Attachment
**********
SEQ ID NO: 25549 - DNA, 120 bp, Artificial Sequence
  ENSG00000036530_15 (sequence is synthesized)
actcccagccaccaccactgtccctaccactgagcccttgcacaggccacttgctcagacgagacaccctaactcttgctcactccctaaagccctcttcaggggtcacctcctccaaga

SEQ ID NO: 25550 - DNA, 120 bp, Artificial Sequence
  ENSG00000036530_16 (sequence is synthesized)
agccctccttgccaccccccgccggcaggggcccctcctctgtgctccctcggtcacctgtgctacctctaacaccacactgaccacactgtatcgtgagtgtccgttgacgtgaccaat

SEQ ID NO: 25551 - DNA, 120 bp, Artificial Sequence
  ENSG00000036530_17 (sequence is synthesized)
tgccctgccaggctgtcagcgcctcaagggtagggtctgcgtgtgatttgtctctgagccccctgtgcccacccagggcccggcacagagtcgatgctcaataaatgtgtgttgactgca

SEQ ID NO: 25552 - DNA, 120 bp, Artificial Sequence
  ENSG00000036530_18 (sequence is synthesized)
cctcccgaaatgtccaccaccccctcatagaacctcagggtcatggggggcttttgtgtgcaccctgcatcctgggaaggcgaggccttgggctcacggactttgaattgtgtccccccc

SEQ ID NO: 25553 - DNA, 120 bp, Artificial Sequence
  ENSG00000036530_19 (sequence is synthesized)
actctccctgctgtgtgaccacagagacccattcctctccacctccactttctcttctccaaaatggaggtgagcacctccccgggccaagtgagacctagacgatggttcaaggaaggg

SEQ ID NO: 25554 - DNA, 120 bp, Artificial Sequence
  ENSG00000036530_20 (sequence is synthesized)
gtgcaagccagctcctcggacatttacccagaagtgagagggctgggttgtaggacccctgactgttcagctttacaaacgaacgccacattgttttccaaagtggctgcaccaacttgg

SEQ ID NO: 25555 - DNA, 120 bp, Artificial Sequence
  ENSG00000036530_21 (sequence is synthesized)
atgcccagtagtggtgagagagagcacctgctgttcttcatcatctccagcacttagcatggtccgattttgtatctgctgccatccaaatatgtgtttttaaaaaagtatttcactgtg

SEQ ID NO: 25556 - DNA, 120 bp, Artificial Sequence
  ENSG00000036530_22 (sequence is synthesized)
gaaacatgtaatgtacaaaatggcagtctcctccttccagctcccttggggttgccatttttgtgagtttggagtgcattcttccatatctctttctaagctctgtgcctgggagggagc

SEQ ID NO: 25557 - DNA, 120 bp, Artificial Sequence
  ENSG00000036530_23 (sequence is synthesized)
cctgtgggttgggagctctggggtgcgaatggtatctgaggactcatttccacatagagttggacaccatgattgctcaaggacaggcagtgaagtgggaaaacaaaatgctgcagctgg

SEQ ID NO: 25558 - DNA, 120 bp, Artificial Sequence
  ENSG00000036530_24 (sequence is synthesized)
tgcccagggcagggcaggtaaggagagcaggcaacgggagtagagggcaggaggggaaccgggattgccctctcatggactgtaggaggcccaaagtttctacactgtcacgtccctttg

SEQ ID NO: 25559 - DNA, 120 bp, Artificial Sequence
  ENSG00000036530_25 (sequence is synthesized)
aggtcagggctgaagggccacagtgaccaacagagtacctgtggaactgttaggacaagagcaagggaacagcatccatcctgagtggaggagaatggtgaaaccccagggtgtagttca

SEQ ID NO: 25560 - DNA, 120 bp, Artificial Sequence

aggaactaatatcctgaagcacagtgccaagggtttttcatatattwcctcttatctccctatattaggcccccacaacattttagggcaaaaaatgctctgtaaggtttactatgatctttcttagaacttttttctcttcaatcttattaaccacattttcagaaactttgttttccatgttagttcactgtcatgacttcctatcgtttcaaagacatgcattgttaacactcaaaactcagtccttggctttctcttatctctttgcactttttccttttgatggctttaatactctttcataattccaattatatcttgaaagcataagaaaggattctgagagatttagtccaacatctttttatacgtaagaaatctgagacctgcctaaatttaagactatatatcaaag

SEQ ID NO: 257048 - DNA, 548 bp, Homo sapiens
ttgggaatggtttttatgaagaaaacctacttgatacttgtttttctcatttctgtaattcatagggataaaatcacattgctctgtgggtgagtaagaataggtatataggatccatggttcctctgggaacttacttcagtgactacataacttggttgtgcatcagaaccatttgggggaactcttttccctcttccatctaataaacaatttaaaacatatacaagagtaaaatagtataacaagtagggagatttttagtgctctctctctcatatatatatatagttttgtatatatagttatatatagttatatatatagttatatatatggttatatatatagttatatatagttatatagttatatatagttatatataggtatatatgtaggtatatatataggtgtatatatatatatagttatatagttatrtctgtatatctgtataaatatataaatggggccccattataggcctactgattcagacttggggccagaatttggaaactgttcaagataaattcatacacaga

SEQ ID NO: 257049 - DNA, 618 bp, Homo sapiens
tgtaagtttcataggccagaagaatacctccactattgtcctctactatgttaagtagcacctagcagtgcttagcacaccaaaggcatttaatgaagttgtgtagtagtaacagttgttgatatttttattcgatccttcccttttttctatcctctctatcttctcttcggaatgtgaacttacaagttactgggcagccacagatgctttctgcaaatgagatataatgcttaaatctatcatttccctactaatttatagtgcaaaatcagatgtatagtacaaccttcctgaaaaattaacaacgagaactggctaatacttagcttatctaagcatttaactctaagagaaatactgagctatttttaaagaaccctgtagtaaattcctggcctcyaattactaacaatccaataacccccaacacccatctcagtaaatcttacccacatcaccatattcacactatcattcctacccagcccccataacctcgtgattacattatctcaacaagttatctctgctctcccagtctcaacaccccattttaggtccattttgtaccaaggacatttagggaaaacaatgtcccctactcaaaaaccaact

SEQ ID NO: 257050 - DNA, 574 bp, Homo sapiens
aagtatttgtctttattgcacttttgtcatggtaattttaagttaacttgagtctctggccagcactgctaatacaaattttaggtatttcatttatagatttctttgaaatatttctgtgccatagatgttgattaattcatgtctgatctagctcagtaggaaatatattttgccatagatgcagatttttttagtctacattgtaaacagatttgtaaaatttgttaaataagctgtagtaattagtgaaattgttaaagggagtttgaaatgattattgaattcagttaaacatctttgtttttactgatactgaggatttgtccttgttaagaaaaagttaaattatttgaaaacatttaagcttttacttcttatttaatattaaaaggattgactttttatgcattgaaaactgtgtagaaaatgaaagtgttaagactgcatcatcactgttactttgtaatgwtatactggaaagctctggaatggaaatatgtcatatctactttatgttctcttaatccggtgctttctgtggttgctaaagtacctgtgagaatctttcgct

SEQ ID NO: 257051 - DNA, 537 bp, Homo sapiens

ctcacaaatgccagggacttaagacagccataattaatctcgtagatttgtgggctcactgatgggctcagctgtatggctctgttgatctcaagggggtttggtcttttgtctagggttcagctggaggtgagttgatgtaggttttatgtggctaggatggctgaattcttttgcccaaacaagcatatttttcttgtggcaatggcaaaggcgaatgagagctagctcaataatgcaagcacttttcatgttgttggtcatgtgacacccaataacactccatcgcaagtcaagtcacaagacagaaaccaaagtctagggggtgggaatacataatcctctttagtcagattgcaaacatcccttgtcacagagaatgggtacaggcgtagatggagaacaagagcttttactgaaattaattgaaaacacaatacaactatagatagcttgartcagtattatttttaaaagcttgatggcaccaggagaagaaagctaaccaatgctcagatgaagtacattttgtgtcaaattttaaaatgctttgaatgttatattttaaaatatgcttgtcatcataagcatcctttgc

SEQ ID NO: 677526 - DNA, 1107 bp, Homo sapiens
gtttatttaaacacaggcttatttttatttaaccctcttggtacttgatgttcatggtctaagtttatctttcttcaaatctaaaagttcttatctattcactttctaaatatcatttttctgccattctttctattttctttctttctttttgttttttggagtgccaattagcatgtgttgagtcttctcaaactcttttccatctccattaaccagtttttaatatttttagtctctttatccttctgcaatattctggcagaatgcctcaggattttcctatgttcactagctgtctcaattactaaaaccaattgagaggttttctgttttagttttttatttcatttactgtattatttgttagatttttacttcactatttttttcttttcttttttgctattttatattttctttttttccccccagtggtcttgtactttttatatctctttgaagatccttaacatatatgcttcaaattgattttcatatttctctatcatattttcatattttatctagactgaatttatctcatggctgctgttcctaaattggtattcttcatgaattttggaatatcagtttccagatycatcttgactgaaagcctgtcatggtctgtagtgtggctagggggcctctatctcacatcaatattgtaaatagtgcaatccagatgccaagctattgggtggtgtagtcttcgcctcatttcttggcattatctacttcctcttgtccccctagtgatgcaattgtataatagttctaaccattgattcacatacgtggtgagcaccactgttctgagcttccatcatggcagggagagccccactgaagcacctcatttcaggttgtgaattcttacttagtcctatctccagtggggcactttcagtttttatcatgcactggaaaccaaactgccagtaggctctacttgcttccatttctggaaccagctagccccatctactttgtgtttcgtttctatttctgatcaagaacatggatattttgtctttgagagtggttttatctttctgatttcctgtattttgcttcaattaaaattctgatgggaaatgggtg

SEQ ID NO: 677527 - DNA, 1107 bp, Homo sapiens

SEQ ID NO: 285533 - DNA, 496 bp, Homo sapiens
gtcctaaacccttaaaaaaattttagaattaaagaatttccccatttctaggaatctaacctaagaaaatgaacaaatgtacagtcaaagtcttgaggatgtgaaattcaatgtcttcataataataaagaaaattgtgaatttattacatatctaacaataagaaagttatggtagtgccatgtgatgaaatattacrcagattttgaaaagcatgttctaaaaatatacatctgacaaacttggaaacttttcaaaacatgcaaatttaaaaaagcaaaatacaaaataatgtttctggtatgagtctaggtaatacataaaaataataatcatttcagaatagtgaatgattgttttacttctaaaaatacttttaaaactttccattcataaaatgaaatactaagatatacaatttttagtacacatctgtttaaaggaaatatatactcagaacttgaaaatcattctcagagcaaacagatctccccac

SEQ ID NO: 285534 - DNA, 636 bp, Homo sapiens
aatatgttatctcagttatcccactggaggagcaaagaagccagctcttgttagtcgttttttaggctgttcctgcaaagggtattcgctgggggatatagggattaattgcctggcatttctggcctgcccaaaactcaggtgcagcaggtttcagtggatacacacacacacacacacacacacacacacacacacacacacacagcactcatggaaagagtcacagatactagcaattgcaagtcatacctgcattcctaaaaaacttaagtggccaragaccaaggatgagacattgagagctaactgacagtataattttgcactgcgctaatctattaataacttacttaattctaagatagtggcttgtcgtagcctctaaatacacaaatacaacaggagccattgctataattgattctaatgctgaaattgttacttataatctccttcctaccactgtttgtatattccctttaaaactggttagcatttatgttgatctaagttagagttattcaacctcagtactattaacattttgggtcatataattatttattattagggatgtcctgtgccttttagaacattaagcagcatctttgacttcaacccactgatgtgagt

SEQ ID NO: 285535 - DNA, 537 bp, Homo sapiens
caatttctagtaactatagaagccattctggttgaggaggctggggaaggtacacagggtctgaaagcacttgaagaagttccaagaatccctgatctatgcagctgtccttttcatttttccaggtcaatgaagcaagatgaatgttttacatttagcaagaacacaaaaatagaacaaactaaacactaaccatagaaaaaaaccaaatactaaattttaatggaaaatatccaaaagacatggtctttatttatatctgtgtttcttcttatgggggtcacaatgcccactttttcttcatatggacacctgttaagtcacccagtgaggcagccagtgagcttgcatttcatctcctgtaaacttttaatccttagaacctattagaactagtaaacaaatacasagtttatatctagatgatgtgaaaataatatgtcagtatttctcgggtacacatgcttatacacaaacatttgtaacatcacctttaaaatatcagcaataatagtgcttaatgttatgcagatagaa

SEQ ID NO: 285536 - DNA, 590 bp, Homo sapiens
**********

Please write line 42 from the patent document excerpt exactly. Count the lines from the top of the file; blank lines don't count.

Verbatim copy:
SEQ ID NO: 257051 - DNA, 537 bp, Homo sapiens